Tuesday, March 6, 2007

Ray Roberts Workshop - Day 5

For our last day, we painted about 5 miles from the school. Ray chose a vacant city lot to paint in. Yes, you read right -- a vacant city lot! When I got out of the car, I was confronted with about 20 acres of creosote bush and views of low-rise hotels. Fortunately, Ray pointed out the beauty of this place. Camelback Mountain was waking up to the warming sun with beautiful shadows on its slopes. The creosote bushes would be a great final exam to see how well we could organize seemingly-random foreground shapes into meaningful patterns that support the center of interest.

I did two paintings before we broke for lunch and critiques. One is of Camelback; the other of a nearby mountain with palm trees. I used artistic license both to organize the creosote bushes and to edit out the hotels. Ray's contributions:

- Make sure the bush shadows get a little bluer as they get farther from the bush that casts them, because a little more skylight bounces down into this area, and not so much closer to the base of the bush; and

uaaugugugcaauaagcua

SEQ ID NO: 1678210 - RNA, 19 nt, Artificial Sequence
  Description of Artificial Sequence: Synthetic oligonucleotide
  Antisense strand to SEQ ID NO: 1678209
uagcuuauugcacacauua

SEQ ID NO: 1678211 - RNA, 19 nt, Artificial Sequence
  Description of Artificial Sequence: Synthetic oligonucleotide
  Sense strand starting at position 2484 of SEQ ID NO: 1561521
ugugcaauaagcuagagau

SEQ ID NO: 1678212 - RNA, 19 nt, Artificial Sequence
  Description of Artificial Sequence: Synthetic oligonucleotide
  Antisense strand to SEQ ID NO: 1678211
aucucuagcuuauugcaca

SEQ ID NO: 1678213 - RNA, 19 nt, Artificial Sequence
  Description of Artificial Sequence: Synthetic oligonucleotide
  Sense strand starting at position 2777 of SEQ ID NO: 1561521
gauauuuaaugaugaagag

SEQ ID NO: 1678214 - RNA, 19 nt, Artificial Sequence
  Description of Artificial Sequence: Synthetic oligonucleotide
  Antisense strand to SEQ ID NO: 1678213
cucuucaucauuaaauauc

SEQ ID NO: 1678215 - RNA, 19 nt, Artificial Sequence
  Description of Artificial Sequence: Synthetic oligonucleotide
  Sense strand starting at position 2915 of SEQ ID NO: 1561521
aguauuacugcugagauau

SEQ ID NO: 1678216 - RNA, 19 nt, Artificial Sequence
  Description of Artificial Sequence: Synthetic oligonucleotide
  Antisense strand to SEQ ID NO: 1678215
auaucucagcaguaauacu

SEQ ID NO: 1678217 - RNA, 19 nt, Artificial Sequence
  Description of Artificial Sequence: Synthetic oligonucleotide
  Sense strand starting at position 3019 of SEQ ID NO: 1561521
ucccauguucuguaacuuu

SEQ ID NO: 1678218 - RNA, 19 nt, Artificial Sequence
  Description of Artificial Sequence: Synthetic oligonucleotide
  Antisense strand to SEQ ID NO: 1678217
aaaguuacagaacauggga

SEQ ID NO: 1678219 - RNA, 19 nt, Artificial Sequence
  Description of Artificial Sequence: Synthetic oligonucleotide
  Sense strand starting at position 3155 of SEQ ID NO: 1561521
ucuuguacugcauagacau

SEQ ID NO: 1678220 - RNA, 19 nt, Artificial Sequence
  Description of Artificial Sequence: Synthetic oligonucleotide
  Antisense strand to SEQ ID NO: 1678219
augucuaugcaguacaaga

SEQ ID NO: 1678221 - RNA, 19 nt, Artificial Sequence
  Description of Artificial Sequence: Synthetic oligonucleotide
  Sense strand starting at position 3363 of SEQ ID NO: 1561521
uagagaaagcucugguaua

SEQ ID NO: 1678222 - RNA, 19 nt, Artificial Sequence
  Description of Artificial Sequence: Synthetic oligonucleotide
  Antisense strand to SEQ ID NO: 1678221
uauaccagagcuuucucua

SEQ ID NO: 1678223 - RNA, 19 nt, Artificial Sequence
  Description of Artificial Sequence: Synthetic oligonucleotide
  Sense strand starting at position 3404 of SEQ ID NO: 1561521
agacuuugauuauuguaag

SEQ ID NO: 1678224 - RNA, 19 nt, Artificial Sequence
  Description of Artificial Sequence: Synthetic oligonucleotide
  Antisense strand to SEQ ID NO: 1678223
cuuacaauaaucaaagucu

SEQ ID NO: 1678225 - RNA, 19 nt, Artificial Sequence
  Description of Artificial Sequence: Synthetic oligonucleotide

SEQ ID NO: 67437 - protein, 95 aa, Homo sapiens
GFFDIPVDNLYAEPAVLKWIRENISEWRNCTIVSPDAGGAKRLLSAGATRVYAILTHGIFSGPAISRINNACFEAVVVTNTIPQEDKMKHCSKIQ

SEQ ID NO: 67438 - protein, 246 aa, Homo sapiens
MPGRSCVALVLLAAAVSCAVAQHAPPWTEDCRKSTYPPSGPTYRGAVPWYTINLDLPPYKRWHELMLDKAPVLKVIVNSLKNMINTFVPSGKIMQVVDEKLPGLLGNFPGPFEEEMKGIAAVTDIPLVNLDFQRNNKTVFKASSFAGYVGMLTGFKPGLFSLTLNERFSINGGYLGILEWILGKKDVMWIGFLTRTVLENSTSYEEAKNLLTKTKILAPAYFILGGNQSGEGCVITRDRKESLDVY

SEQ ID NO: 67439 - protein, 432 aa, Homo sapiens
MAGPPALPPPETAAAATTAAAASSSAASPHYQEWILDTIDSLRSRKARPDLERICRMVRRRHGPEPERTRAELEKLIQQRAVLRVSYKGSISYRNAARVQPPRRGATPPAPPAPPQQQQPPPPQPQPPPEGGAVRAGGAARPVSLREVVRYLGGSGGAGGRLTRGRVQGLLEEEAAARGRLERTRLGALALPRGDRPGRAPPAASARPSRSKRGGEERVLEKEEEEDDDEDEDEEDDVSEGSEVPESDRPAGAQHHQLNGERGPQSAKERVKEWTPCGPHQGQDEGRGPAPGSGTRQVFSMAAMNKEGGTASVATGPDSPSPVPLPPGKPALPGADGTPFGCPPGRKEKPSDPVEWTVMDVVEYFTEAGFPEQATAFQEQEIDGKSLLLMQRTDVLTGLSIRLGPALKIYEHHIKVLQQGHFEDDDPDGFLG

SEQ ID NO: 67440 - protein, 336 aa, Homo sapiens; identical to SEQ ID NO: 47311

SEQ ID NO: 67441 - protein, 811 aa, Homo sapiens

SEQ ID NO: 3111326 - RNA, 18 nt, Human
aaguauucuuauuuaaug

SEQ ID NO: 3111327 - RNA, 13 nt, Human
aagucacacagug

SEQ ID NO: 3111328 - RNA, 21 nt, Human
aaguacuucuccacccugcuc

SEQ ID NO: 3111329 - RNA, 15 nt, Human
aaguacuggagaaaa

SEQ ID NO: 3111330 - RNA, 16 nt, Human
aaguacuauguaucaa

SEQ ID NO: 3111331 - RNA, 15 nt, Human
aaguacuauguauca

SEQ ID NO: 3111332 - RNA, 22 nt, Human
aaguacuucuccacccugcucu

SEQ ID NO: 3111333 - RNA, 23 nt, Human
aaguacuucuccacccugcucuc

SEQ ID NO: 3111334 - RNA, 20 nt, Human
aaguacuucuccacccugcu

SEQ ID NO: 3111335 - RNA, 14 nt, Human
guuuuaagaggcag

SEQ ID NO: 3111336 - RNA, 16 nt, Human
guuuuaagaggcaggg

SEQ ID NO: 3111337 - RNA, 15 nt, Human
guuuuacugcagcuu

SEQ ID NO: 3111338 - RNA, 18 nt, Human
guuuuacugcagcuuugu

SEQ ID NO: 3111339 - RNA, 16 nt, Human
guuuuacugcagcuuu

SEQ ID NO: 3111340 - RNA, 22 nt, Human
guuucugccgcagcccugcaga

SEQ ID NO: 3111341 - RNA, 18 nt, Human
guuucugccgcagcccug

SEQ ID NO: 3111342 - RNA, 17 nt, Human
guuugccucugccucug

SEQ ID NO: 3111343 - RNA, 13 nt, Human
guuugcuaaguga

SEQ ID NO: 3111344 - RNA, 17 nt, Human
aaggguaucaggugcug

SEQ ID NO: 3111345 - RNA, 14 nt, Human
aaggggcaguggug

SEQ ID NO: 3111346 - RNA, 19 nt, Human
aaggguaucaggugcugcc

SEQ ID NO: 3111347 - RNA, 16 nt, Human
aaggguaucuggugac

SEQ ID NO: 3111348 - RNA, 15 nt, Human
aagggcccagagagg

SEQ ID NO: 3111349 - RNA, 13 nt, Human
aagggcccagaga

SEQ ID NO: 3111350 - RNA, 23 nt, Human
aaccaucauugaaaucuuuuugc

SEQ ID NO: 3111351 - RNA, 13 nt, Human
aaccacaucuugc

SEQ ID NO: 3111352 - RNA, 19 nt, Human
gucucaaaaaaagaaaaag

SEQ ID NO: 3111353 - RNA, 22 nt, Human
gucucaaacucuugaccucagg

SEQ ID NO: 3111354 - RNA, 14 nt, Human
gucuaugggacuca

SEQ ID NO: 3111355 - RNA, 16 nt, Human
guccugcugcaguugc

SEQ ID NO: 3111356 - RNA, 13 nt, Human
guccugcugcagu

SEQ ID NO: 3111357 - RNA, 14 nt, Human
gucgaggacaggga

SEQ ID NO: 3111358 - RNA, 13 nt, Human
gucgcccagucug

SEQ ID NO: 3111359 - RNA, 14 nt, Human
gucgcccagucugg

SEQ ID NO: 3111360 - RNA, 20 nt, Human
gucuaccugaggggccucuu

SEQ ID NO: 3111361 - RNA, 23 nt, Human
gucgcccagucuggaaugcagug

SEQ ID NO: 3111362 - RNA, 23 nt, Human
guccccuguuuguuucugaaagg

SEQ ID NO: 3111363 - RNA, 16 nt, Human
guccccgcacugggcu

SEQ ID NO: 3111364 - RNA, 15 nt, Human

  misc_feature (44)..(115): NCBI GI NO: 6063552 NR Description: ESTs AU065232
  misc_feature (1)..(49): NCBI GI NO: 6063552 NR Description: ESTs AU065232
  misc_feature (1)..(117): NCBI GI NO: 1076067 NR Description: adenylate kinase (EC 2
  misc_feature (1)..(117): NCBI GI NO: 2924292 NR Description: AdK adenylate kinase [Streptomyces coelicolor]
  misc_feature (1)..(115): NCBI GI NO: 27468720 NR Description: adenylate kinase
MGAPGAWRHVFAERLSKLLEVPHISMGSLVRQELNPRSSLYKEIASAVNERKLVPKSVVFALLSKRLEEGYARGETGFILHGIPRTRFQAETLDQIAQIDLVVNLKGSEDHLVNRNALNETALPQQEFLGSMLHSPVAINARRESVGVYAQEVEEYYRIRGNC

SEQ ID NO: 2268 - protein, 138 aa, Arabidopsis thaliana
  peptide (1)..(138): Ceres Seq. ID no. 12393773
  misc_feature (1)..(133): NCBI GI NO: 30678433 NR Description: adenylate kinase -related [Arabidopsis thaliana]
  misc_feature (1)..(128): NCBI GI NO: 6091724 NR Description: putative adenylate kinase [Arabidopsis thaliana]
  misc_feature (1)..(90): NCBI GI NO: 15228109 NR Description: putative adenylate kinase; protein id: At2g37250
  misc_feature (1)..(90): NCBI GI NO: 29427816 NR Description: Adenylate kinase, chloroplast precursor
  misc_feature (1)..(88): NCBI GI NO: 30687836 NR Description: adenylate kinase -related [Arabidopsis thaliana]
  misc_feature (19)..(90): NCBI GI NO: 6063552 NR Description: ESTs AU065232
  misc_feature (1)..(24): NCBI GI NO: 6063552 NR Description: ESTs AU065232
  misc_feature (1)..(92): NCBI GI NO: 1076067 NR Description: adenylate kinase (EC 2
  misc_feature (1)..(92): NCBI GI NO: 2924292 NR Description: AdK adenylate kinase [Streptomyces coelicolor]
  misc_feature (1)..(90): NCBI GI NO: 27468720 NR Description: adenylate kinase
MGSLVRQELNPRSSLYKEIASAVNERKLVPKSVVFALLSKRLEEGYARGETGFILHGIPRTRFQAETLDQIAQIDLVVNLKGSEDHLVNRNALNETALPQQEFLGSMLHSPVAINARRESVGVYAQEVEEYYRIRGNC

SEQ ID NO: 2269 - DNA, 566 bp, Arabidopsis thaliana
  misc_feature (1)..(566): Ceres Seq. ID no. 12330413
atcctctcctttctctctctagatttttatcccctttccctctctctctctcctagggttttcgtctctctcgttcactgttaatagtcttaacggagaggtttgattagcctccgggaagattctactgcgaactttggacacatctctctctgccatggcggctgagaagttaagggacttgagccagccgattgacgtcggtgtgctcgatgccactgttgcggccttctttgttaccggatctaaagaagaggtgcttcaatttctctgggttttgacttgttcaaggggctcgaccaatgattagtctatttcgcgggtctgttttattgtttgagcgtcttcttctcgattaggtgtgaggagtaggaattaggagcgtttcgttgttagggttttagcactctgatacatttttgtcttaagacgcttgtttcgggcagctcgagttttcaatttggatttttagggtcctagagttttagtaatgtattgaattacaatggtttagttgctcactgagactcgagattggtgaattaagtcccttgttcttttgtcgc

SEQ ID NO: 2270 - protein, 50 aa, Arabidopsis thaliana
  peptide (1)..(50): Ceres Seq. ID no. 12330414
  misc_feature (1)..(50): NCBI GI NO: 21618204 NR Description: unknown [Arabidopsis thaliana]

- Try to keep shadow patterns irregular and not repetitive.


(As always, you can click on the thumbnails to get a bigger picture.)

My favourite, though, was his contribution to the palm trees. "Palm trees, unless you're really close, are just a silhouette against the sky. They may have some brighter spots, but those are just accents." He proceeded to take my brush, darken the tops and "cut in" the shapes. "After 15 years as an illustrator and doing palm tree after palm tree," he said, "I promised myself I'd never do another palm tree."

During the week, I stuck to Ray's approach to plein air painting. I wanted to see how he did it and what benefit I might get from it. His approach involves using a great deal of white. I've always laid in an underpainting with transparent color and held back on using white until I was ready to apply some opaque paint. (I enjoy the contrast of transparent v. opaque paint.) Ray goes for the white right off, using it to get the values he wants rather than using the untoned white canvas with transparent paint to do so. For me, I found his method does give you more control over value from the start. It will take a little more practice for me to avoid the "chalkiness" that can result for using so much white.

It was a good workshop -- refreshing to try a different approach, inspiring to see some of Ray's work in person, and as always, fun to get somewhere warm in the winter!

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